Facing the music. Aubrey O’Day addresses whether the “poor girl” lyric in her new song, “Couple Goals,” is directed at ex Paul “Pauly D” DelVecchio Jr.’s girlfriend, Nikki Hall, in an exclusive interview with In Touch

“At the time that I wrote it, it was for three people. It was for myself,” Aubrey, 38, explains to In Touch about her single, which is set to be released on Monday, November 21. “I used to look in the mirror and say that when I was in it, it’s for the girls that warned me before I got in it. And it was for the potential girls in the future who maybe are in the place where I was, where I was standing up for all of it and making it look so beautiful from the outside. But really inside, it was everything but.” 

The upcoming song — which will be accompanied by an OnlyFans uncensored nude music video — marks the first time the former Danity Kane member will publicly detail her former relationship with the Jersey Shore cast member. Paul, 42, and Aubrey dated from 2015 to 2018, and she alleges that the reason for their split was due to cheating on Pauly’s behalf. 

For his part, the MTV personality has vehemently denied the cheating claims. 

Aubrey O'Day Reveals If 'Poor Girl' Lyric in New Song Is Directed at Pauly D's Girlfriend Nikki
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Aubrey elaborates how her song points to a former partner who uses the “same ingredients” from one relationship to the next, noting that “it really is incredible how many women share that same experience of just seeing someone move right along, calling the next person the same pet names, waking them up the same way.” 

Now that she is transitioning into the alternative rock genre of music, Aubrey also describes how writing the new track was a way to take back her identity.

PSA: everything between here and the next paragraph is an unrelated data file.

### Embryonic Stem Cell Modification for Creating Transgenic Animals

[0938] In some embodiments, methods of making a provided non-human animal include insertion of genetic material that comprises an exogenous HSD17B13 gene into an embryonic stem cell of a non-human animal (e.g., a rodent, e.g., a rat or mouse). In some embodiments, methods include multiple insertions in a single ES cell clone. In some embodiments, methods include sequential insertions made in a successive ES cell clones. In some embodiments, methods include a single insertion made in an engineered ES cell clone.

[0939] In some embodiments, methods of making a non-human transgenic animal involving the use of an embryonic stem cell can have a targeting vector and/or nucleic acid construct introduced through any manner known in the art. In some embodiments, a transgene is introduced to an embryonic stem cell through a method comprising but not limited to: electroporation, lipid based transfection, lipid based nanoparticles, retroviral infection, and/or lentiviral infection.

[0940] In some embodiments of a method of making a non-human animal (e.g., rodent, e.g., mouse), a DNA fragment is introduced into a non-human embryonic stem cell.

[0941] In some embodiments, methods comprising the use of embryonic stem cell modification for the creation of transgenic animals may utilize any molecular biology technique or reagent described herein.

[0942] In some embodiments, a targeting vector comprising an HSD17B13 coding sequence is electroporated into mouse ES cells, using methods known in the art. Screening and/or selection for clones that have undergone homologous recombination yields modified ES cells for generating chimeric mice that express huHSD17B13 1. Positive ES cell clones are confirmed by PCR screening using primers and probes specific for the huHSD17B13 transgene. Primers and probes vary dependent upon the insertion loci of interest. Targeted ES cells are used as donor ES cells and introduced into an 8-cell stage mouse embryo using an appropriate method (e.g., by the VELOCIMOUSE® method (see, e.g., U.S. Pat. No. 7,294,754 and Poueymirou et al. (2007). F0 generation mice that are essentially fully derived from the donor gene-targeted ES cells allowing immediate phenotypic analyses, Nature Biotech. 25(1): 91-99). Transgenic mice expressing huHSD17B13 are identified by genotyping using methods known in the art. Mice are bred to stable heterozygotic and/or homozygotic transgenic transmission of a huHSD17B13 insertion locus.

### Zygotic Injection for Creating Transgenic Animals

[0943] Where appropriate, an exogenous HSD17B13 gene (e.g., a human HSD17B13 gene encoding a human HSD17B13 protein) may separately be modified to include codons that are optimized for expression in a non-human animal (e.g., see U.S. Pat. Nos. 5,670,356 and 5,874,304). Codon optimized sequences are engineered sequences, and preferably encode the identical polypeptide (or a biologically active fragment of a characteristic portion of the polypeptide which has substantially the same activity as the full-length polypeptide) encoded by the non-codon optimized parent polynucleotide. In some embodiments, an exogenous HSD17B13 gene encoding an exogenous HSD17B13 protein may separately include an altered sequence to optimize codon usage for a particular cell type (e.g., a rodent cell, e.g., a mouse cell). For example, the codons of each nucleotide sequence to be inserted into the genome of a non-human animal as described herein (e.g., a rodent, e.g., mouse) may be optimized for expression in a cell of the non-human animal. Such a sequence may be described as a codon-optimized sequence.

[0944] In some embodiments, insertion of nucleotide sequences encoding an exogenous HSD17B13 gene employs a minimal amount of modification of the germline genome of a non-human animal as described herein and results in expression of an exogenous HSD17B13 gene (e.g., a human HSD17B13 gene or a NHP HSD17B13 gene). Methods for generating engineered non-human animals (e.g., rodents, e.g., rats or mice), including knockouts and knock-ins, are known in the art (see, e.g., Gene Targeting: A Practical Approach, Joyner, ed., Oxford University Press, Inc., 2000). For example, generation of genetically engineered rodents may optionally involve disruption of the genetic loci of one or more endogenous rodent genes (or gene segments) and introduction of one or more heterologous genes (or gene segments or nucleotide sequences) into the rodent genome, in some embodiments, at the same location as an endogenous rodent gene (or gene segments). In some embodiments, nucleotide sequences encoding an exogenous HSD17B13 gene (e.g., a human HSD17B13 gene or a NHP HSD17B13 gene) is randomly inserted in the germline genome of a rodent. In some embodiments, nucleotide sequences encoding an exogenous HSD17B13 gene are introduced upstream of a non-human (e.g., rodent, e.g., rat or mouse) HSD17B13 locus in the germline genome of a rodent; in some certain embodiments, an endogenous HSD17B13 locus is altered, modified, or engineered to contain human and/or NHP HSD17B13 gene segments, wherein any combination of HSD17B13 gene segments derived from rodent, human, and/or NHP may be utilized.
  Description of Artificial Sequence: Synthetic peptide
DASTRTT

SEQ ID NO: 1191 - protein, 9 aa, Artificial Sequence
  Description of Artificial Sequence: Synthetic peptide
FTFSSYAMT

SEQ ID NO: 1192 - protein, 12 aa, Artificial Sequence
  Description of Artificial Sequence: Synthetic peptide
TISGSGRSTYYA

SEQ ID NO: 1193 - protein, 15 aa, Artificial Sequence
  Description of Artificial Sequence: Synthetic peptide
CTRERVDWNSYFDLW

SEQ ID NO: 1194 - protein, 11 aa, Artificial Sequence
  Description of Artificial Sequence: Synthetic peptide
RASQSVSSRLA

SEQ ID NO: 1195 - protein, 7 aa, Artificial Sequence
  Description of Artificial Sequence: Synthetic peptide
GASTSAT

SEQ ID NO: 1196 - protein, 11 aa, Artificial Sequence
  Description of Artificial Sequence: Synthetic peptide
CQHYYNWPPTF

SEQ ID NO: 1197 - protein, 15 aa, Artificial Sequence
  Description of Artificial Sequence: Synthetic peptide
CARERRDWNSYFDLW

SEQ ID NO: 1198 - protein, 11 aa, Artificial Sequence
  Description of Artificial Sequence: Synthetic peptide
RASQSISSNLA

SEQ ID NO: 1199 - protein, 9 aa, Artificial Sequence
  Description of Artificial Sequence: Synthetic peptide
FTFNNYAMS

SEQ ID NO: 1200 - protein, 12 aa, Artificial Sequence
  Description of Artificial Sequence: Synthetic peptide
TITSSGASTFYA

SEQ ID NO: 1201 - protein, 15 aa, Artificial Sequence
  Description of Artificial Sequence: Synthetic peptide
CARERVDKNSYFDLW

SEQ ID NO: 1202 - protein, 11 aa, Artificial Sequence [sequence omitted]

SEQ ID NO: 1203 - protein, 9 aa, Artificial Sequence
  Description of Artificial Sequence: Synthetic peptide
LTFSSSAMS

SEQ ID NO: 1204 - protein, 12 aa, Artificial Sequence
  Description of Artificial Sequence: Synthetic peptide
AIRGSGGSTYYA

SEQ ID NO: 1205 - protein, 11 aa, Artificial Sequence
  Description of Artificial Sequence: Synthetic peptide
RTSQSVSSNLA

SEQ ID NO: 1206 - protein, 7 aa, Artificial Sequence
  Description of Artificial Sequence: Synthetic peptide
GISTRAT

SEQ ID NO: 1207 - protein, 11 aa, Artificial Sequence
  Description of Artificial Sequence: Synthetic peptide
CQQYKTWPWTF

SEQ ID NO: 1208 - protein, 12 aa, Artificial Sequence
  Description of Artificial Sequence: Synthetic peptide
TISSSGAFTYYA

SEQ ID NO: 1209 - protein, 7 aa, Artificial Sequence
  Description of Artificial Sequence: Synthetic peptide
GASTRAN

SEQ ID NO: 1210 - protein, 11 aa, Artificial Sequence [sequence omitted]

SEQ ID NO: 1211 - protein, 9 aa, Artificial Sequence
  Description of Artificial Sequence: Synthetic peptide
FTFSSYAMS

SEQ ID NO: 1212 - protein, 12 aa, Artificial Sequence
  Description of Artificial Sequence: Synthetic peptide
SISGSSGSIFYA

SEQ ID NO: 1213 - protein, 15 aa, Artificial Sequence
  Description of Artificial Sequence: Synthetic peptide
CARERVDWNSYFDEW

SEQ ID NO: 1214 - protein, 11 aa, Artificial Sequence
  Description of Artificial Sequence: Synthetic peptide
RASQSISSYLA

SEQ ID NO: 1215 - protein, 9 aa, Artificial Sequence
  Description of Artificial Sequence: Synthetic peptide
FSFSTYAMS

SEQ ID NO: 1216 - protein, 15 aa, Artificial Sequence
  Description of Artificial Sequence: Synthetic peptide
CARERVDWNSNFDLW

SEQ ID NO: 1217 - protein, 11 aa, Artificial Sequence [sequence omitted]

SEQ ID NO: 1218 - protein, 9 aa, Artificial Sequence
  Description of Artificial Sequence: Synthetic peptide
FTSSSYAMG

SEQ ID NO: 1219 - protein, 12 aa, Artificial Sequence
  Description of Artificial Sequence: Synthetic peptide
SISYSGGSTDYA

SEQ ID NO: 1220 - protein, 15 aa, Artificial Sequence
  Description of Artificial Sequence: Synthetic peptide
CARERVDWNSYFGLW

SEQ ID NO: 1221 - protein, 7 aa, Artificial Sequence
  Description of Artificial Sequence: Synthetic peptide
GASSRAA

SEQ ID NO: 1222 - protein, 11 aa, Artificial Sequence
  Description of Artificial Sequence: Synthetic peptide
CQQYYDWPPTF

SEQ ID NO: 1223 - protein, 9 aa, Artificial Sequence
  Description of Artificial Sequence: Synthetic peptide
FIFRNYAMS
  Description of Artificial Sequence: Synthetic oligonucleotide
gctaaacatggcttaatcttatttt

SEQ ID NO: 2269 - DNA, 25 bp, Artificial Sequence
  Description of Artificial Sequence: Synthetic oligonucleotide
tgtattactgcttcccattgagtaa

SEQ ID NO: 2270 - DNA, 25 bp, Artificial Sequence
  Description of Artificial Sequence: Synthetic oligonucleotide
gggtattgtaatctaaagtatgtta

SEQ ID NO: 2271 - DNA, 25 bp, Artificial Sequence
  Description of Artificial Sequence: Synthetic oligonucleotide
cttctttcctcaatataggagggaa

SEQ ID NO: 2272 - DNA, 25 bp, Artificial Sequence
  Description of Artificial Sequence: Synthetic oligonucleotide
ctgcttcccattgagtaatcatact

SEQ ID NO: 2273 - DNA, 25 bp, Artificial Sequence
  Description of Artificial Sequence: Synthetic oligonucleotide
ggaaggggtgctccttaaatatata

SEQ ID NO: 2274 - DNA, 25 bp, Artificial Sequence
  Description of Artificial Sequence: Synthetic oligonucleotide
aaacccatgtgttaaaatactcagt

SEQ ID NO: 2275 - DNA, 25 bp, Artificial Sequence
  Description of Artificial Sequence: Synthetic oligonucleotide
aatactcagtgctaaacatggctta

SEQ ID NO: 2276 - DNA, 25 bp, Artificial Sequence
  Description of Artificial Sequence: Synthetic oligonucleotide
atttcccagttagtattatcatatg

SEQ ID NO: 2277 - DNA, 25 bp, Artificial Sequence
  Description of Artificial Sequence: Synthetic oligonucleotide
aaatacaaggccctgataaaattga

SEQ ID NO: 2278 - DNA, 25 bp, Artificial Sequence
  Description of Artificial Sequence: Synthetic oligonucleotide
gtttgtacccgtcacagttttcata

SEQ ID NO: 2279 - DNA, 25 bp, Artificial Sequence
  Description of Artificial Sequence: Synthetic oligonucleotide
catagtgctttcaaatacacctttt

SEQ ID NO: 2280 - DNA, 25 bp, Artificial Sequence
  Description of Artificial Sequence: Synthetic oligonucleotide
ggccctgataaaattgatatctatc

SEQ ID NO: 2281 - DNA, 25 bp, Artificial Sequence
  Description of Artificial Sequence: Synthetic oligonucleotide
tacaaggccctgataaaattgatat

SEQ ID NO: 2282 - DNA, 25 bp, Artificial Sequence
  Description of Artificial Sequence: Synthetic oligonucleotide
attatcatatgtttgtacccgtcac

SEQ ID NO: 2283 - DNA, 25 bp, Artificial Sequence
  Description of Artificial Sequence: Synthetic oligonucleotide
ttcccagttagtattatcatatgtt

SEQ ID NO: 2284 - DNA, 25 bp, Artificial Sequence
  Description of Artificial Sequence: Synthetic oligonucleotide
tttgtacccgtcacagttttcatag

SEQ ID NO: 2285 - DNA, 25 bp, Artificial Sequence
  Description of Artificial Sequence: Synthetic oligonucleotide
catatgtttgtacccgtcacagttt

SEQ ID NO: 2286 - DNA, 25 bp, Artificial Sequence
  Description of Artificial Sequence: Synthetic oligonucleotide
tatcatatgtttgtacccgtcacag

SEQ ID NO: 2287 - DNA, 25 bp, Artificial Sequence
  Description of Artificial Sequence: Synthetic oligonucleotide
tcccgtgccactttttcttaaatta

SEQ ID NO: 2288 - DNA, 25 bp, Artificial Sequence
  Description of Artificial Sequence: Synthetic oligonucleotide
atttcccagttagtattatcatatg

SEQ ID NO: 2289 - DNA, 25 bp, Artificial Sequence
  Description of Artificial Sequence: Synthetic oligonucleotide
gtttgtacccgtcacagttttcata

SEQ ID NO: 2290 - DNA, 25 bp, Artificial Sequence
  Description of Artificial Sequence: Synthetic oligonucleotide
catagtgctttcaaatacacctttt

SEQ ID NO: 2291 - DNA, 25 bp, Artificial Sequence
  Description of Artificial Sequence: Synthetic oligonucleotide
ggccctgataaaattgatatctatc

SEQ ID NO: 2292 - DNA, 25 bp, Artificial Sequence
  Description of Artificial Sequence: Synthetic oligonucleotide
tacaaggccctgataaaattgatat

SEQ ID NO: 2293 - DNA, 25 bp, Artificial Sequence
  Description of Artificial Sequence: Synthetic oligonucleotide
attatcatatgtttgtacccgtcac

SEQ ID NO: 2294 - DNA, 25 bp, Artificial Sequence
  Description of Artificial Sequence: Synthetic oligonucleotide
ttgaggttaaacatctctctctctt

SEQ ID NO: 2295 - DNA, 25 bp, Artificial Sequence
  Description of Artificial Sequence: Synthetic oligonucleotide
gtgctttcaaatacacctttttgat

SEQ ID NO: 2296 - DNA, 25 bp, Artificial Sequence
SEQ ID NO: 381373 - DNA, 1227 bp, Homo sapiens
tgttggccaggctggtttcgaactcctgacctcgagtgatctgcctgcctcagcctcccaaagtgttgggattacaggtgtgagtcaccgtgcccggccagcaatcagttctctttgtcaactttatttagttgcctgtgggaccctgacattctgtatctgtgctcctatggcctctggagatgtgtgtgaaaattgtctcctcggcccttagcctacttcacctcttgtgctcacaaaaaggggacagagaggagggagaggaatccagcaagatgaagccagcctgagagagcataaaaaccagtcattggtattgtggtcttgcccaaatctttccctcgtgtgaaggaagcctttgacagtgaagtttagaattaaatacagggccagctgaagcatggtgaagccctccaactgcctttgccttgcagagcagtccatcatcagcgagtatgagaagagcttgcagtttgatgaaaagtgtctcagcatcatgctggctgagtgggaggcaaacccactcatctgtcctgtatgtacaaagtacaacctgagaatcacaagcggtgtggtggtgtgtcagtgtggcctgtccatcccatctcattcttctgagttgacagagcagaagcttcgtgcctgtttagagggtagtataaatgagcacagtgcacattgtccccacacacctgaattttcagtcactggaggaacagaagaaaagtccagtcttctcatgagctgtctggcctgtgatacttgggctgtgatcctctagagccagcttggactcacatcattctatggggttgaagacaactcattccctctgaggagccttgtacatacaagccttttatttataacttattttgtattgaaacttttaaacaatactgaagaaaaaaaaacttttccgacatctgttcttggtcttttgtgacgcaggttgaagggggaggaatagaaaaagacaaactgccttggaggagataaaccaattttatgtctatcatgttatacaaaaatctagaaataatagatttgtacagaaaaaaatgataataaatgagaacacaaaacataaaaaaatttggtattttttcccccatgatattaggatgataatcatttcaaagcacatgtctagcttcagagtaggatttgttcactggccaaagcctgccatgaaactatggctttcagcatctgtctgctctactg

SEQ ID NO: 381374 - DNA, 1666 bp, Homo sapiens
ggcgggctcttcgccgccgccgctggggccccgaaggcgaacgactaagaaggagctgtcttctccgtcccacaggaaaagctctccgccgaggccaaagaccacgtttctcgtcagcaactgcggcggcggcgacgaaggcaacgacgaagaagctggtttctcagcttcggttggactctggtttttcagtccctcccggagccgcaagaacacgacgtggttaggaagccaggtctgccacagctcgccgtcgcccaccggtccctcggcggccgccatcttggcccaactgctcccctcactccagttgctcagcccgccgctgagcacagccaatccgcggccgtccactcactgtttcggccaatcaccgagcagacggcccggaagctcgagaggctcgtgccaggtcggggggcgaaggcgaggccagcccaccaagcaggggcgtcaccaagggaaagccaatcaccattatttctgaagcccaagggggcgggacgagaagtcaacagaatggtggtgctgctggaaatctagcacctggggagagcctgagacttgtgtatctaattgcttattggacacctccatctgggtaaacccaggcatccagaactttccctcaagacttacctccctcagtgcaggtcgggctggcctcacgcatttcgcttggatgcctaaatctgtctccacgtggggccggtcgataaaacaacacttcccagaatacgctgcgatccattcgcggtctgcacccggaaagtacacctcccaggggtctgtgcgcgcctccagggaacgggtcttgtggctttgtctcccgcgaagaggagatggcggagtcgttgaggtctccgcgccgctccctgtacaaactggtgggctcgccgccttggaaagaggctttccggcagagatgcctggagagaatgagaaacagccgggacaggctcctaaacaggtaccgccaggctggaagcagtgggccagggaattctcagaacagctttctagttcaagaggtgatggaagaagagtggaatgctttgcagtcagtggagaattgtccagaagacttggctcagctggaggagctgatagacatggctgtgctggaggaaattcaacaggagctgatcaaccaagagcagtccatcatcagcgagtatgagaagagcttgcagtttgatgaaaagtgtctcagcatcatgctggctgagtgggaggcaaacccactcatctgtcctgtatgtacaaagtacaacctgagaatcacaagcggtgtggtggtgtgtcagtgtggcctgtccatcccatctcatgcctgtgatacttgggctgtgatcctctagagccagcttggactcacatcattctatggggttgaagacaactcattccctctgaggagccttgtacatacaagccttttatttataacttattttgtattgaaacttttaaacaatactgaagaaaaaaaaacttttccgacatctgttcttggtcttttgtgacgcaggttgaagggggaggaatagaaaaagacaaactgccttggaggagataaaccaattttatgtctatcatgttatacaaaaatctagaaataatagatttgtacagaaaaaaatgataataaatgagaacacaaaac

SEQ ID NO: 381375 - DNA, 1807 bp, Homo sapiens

“I spared that relationship greatly,” the Between Two Evils artist admits. “It took a lot of time for me to heal from the type of trauma that I experienced in that relationship. And it took a long time for me to take ownership and accountability for not loving myself properly and allowing it. That’s the hardest part, when you have to forgive yourself.” 

The California native, however, emphasizes that a “piece of art” shouldn’t be a way to “get back at somebody.”

“So, I wanted to make sure that my intentions were just about appreciating a piece of music that could potentially speak to other women that understand what it’s like to see somebody that you thought loved you and did certain things with you, go on to the next girl and do the same exact routine,” Aubrey adds. 

The former Broadway actress also notes that despite any judgment she may receive in response for her new music, she is “happy to finally give [her] voice” to people. 

“There’s a part of me that feels like, you know, when you do that — when you kind of step back into a place where you’re more of a public figure and you’re speaking out more —  people do have this, like, idea that you belong to them. They can judge you,” Aubrey concludes. “I don’t want to ever feel that pressure again of being belonged by people. I belong to myself and my art. And that is it.” 



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